How are you all using uncut windsurf sails with out the wishbone boom and getting proper outhaul?
The outhaul pressure applied with a wishbone boom is very small especially when compared with the force applied by downhaul.
The only time you need outhaul pressure is to set the cams on the mast in the pic below sheeting in hard on the standard boom with the mast mounted on the base has the same effect as applying outhaul and allows the cams to set quite easily.
Its possible that when sheeted out the cams might not rotate as well on the mast as they would with a wishbone setup I don't windsurf so I cant say for shore but it all works pretty well.
If you have the gear try it yourself. Set a cammed sail on a mast using a wishbone boom then when the cams are set and the downhaul tension is right remove the boom and see what happens to the sail shape... (Nothing)
Once everything is set the boom is just for steering.
Thanks Sylk for the reply and explanation!
I dont run cammed sails. My quiver consists of older(read cheaper) uncammed wave sails. It may be that the way I am using
the sails is the difference. I modded my kite buggy to sails and just use a modified mast extension to mount the sail to the buggy.
It just drops into a mast step. The downhaul is then on the mast and not the buggy. I originally made a simple boom that is similar to the set up in your pic. However even with massive downhaul the lower battens would remain well ahead of the mast with a twisted luff pocket. If I added enough downhaul to finally get the battens close to where they belong then the entire leech was loose instead of just at the top of the sail as specified by the manual. With the wishbone the sail easily comes to proper shape with out excessive downhaul. Im not a real fan of a wishbone on a landsailer, but at least with my set up it seems the only way.
What am I missing here? Or is it the way I have done it?
If I added enough downhaul to finally get the battens close to where they belong then the entire leech was loose instead of just at the top of the sail as specified by the manual. With the wishbone the sail easily comes to proper shape with out excessive downhaul. Im not a real fan of a wishbone on a landsailer, but at least with my set up it seems the only way.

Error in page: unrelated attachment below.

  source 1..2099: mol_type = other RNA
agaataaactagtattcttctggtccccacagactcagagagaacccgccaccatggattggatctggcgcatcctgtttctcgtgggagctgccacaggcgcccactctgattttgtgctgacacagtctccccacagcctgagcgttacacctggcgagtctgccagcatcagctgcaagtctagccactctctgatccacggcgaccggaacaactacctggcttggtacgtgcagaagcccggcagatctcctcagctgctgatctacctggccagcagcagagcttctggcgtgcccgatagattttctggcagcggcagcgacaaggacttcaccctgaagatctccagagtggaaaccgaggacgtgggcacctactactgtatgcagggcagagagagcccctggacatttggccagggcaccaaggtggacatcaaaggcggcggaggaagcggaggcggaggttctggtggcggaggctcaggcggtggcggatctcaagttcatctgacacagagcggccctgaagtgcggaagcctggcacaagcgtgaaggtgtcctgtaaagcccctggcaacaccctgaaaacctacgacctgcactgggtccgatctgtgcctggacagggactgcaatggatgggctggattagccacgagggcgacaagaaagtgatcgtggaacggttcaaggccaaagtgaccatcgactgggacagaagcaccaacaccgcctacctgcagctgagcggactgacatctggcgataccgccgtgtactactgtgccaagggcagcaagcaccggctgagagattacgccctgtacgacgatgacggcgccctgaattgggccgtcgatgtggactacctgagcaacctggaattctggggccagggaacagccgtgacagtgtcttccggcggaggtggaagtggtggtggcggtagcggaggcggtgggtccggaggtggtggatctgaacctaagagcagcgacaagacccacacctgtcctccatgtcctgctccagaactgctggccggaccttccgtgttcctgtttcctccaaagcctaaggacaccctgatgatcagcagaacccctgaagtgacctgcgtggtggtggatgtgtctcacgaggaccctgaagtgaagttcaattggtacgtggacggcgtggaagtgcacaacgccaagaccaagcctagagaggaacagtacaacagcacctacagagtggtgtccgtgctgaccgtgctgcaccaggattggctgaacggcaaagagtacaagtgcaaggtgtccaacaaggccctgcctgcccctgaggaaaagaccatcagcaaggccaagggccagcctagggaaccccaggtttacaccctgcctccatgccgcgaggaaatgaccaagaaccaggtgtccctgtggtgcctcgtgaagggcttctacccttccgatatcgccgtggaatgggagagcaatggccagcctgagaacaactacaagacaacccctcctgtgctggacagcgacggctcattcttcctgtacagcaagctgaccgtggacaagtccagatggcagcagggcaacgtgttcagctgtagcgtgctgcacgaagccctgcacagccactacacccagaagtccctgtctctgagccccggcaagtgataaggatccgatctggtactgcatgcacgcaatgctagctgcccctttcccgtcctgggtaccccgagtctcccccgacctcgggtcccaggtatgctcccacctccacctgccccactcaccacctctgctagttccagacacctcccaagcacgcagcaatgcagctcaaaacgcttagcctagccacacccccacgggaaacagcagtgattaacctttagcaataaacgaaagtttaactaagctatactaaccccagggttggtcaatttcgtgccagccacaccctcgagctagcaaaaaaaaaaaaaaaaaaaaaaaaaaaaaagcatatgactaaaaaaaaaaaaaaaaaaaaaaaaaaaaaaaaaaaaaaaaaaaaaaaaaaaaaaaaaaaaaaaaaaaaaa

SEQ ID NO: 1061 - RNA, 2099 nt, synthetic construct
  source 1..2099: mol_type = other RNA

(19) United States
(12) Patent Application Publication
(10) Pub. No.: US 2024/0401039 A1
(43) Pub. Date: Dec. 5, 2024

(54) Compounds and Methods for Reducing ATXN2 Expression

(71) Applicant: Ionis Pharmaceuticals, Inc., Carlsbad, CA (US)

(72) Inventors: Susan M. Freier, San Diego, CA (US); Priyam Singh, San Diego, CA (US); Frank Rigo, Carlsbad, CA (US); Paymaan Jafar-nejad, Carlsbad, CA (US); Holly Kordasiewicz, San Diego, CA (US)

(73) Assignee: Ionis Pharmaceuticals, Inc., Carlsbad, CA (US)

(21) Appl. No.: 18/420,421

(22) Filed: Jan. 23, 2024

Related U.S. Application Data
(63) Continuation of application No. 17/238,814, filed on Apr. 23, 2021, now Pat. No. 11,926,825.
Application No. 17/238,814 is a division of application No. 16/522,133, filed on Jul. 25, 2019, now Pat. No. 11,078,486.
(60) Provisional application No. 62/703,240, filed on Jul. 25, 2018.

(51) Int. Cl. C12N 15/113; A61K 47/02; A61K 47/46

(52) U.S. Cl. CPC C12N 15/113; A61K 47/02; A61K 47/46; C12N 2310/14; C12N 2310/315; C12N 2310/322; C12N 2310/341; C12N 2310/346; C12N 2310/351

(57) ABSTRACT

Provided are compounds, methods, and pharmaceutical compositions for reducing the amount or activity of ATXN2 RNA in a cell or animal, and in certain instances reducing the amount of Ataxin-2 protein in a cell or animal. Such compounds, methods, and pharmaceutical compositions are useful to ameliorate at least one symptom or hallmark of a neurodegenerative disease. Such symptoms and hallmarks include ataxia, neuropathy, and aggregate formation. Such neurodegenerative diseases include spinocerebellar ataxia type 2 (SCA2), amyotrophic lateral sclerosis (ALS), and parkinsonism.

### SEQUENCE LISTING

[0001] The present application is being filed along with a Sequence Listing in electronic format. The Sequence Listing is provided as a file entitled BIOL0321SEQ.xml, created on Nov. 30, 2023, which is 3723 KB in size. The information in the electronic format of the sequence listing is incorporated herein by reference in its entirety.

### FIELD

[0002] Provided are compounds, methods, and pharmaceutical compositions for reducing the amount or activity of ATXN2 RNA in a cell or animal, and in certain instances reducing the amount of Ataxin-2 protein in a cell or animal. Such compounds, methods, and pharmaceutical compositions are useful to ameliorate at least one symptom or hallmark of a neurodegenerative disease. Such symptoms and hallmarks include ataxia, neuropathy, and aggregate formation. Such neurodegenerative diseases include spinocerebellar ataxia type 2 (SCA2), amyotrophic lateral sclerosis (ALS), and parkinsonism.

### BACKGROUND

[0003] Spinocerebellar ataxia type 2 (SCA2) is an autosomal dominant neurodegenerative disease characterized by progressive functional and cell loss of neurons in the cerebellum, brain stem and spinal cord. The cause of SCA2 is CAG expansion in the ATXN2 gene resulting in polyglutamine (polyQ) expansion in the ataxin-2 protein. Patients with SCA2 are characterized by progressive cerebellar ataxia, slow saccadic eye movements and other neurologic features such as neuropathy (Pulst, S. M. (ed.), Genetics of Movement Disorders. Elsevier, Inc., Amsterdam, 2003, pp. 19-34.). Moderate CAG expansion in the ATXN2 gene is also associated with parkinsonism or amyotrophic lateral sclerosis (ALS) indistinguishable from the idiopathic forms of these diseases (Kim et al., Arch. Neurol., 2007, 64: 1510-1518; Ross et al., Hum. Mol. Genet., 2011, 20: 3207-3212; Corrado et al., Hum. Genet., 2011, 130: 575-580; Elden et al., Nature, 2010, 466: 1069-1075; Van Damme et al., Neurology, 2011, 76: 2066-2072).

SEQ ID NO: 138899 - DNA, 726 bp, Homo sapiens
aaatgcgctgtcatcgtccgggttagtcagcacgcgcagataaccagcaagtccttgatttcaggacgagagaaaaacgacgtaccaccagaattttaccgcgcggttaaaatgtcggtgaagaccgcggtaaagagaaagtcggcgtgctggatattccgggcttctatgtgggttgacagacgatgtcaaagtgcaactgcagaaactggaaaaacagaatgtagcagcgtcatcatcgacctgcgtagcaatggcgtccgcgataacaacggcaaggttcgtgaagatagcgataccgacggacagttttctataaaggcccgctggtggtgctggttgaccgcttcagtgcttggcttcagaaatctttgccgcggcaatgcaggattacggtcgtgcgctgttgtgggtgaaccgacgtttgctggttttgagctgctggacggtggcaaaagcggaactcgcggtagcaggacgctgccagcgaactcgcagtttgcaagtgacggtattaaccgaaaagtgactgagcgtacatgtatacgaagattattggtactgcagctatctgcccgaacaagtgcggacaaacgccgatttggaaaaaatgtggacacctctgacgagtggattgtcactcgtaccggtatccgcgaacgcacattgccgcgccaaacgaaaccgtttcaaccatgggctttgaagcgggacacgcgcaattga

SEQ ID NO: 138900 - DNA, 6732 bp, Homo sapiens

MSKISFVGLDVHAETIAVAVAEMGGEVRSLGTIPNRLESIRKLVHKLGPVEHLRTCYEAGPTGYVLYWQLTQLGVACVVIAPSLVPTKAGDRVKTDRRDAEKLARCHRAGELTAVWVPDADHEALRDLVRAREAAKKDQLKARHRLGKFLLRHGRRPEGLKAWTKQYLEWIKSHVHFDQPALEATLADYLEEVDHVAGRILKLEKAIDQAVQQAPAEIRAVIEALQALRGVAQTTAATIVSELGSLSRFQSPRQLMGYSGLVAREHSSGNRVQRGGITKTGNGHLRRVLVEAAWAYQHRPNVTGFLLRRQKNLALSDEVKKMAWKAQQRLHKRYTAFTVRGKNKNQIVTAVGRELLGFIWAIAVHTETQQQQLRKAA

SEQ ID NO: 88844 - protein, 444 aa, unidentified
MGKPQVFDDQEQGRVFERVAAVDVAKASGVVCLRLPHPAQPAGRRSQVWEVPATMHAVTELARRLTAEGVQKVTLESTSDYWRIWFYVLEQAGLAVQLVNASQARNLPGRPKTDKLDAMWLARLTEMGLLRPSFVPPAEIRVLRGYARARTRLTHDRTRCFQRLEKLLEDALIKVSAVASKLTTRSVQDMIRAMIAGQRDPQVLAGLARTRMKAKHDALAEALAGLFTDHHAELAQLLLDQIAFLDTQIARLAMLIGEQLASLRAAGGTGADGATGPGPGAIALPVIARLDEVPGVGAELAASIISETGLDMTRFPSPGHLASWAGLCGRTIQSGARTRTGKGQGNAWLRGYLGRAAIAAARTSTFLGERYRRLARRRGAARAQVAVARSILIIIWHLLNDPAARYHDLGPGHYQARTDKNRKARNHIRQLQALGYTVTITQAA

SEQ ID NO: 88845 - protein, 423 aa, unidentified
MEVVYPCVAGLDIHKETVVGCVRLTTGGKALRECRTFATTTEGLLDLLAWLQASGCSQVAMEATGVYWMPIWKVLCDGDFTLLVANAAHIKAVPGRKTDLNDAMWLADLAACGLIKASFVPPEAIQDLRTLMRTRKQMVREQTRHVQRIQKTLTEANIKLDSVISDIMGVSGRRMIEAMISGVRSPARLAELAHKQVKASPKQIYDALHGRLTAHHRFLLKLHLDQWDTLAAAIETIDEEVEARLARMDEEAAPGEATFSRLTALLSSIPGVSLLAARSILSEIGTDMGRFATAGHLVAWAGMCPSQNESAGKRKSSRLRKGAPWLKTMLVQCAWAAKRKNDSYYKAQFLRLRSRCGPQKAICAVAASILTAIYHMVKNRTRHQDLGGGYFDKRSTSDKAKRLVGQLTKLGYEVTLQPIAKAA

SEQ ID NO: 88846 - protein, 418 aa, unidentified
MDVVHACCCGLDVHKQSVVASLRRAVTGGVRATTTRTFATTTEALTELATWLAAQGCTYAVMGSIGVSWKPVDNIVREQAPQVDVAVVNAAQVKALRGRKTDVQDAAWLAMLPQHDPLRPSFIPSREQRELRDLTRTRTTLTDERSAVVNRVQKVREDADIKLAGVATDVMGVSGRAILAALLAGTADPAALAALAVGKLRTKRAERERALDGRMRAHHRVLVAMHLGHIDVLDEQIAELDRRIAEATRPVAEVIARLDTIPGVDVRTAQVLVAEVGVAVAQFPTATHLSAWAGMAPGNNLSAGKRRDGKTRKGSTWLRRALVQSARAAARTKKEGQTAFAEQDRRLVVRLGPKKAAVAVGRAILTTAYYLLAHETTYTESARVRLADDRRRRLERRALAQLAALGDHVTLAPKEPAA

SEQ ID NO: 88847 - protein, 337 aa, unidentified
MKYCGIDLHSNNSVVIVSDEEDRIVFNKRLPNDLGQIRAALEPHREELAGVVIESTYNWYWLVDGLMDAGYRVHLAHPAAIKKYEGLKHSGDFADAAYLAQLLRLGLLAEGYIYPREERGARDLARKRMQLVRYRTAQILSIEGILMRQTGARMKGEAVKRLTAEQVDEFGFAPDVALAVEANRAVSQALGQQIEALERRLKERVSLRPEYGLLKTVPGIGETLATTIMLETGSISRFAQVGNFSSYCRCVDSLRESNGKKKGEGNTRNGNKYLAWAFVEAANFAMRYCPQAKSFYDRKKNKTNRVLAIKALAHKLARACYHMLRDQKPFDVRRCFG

What am I missing here? Or is it the way I have done it?
That would indicate that the alloy mast is way too stiff for that particular sail. There is no easy way to correct it other than what you have done with the wishbone boom to out haul it to shape. Or a recut to match the loaded masts curve.
If your into resewing it... The mast fitted with a lower (land yacht) style boom at the same height at the front as the sail now sits. A rope from the tip of the mast to the end of the boom (rope the same length as the leech of your sail your converting) and sheeted in hard will give you your new luff pocket curve (mast curve) for a recut. I would use a ratchet strap instead of a sheet rope so I could adjust it to see what the boom height I needed to be at without wrestling with it. It was much easier to ease up and down, without the mast trying to kill me. I use a cardboard template (an old fridge box) and trace the curve from the mast and transfer it to your sail when laying flat. Other wise it will simply a guess.
Tighten the luff curve up 5mm or so about 600mm from the tip of the sail to put more weight on the tip of the leech to stop it fluttering at speed.